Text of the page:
You’re a business owner who has invested a lot of time and effort into your company’s success. How much have you thought about what happens when you leave this position? You will eventually have to step down and give the reins over to someone else. You can have peace of mind when you move on to the next stage of your life, even if you plan to continue working for many years. You can anticipate future challenges and opportunities and create financial contingency plans to improve your prospects. These are five constructive ways to think ahead.
1. You and your business can decide what the future looks like for them.
What do you want the next chapter in your life to look like? Your goals and dreams, whether they are to start a business or volunteer time, will be easier to achieve if you take the time necessary to articulate them clearly.
Next, consider what you want for your company when you step down as CEO. It is important to train future leaders if you want your business to survive after you are gone. You can avoid any potential gaps in your chain of command and make it more appealing to potential buyers by creating a succession plan. Even if the decision is made to close the doors, it’s essential to consider how you can best deal with customers, vendors, and clients.
2. Assess your retirement savings
Once you have identified your goals and dreams, you can start planning your retirement. Being your boss will show you that you must have a plan if you want to reach specific goals. As you plan your future, it is essential to have separate retirement savings. It is not a retirement strategy to invest every dollar you make in your business. Unexpected events can make even the best plans fall apart.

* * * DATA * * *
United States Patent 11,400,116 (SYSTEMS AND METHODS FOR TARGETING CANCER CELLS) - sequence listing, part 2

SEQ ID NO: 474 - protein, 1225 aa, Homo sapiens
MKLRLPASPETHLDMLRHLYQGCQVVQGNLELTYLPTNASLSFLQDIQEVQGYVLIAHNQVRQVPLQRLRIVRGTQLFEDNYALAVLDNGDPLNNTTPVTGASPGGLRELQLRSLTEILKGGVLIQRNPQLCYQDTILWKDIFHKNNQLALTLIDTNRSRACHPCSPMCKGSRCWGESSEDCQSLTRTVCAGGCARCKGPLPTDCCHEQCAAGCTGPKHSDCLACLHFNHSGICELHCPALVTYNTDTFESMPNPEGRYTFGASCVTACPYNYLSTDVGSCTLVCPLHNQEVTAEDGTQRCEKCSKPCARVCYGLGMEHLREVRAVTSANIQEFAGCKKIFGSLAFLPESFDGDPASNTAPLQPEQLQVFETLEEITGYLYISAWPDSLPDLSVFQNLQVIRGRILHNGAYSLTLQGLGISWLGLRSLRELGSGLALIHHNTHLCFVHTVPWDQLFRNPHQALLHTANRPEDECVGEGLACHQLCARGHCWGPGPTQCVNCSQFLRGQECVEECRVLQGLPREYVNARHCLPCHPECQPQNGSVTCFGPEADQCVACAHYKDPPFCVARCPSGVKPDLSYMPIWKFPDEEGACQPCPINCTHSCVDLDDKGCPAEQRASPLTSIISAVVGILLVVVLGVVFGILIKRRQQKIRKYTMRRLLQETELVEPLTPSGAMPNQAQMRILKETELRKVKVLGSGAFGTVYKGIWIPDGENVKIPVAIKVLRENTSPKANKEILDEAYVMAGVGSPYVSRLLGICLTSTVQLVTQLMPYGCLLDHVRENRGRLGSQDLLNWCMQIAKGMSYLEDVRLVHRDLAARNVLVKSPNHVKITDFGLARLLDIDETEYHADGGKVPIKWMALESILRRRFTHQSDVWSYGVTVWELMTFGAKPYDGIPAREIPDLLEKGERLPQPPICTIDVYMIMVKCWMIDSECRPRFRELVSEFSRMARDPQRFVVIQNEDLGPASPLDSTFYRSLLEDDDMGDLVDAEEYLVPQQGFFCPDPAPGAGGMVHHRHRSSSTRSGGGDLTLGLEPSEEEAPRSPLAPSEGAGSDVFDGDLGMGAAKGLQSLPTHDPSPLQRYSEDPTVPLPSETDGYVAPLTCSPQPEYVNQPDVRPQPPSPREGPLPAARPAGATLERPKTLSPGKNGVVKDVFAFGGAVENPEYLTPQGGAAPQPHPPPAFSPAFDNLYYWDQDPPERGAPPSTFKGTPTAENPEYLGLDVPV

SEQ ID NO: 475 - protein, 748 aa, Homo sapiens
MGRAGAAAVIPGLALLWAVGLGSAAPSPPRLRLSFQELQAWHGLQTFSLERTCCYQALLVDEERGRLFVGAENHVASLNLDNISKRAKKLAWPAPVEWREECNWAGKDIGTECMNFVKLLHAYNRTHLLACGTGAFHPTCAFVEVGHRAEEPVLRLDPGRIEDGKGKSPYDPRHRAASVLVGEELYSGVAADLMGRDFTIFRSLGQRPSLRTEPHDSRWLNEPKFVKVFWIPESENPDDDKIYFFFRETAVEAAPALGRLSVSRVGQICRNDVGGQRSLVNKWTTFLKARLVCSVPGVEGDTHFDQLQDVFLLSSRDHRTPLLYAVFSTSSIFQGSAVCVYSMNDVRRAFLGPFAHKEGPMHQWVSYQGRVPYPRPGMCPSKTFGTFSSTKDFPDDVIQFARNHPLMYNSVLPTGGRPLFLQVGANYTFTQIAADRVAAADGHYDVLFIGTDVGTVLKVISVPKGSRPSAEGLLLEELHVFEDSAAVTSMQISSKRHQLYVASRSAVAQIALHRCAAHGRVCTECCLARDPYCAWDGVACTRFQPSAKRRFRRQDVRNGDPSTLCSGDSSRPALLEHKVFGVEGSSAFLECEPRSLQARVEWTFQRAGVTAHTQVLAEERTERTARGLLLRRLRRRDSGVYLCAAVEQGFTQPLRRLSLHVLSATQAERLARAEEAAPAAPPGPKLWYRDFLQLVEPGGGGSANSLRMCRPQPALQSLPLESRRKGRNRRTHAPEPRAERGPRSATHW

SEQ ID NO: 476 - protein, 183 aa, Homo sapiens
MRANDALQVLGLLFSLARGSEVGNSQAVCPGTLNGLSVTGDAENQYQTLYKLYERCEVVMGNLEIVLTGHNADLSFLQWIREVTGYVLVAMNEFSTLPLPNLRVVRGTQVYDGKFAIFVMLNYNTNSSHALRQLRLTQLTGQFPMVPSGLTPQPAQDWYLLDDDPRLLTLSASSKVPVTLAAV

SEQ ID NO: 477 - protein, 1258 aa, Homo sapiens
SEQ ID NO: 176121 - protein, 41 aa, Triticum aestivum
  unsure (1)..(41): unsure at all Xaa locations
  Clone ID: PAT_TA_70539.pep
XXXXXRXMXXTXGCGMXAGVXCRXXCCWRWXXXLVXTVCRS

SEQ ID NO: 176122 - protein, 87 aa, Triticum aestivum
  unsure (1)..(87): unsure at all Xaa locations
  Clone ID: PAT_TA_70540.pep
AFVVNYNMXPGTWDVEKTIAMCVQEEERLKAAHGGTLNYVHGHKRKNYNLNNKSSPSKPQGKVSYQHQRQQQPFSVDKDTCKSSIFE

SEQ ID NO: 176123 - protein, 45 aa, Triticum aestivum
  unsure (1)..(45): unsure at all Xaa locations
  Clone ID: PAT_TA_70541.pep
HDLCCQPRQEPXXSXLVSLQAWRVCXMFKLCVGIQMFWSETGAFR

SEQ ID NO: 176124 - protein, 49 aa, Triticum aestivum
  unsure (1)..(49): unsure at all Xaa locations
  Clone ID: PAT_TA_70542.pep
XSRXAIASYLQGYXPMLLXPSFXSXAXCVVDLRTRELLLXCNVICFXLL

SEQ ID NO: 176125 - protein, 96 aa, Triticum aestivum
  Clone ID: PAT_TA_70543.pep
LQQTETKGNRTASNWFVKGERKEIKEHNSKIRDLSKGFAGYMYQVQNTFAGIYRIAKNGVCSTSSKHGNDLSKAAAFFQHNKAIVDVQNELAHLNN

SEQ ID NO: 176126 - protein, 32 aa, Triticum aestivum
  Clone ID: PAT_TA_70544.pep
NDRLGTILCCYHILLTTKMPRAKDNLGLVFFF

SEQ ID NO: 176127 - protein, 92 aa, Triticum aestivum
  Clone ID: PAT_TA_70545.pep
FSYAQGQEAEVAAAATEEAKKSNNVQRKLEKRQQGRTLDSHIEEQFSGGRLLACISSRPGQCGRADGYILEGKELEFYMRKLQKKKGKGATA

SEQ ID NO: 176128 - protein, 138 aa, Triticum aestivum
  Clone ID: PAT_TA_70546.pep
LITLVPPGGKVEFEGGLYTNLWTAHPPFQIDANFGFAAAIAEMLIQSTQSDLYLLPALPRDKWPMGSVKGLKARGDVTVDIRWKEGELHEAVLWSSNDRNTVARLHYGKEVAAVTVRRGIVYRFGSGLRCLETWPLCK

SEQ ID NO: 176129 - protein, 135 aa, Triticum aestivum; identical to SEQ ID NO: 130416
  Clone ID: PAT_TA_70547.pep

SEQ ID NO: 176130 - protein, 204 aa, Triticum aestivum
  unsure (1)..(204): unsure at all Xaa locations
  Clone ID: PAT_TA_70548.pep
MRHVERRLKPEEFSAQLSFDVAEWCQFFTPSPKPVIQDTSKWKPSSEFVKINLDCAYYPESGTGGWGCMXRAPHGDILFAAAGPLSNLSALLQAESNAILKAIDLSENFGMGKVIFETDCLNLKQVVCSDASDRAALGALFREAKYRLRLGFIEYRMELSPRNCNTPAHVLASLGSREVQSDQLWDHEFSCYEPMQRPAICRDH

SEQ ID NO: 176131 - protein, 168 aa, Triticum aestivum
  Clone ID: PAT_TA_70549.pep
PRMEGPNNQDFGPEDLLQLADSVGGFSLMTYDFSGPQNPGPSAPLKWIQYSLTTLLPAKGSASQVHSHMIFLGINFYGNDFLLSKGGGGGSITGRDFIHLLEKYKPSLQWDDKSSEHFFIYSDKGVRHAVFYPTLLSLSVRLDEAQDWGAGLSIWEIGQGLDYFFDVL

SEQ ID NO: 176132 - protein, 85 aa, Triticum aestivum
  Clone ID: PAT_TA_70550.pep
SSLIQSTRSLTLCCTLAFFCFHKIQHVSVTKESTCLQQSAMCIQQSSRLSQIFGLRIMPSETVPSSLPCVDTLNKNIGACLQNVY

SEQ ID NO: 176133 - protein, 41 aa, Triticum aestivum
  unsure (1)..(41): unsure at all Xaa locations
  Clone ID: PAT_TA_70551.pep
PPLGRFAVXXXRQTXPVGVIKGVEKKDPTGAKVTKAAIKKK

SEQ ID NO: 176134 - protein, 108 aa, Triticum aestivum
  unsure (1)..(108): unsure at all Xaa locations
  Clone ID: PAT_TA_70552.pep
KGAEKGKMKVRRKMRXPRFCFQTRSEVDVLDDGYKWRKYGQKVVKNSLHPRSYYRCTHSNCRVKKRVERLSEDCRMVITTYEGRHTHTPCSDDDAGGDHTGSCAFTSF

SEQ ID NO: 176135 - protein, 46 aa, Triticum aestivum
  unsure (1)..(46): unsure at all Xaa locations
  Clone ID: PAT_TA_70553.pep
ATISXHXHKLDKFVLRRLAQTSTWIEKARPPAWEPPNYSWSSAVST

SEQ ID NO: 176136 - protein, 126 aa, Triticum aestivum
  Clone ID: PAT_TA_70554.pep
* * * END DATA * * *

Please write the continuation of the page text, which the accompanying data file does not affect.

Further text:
You can commit to regular contributions once you have established a retirement savings account. You should start as soon as possible and increase your contributions as you approach retirement age. To ensure that your retirement plan is financially sound enough to fund your transition and maximize your retirement, consult a financial advisor.
3. Calculate your retirement expenses
You may feel more confident leaving the business if you know that your savings will be sufficient to provide the lifestyle you desire in retirement. You should project what you will spend. This includes any expected housing, healthcare, and lifestyle expenses. You can adjust your projections as you get closer to retirement if you’re still many years away. To get an idea of your financial readiness, compare your expenses with your savings.
4. Think about the income that you could earn by selling or passing on the reins
This is where you can optimize a crucial part of your nest egg. Are you willing to cash out now or wait for the sale? You might be reluctant to sell if your business has not reached its full potential. Consider hiring new leadership to oversee day-to-day operations and retaining ownership. You might consider selling your business if you aren’t sure you can (which is often the case with sole proprietors who own a large portion of the business’s value). Instead, identify assets that you could sell to make money.
5. Be prepared for non-financial aspects when you retire
You can expect to experience some emotions during the transition. It can be challenging to leave your business, significantly if you have invested a lot of time, money, and effort into building and growing it. It will take some time to adjust to your new retirement life. That’s okay. A plan can help you feel more confident about your future direction.
Scott D. Serfass, CFP (r), CRPC (r), CDFA, CDFA(TM), CDFA(TM), CDLU(r), CHFC(r), is a senior partner at Serfass, Phillips & Associates, a financial advisory firm of Ameriprise Financial Services, Inc. He specializes in helping people to retire confidently and create a plan that will effectively share the wealth with multiple generations. He has seen many families thrive despite economic and global turmoil throughout his career. His research and experience led to his book Family Success.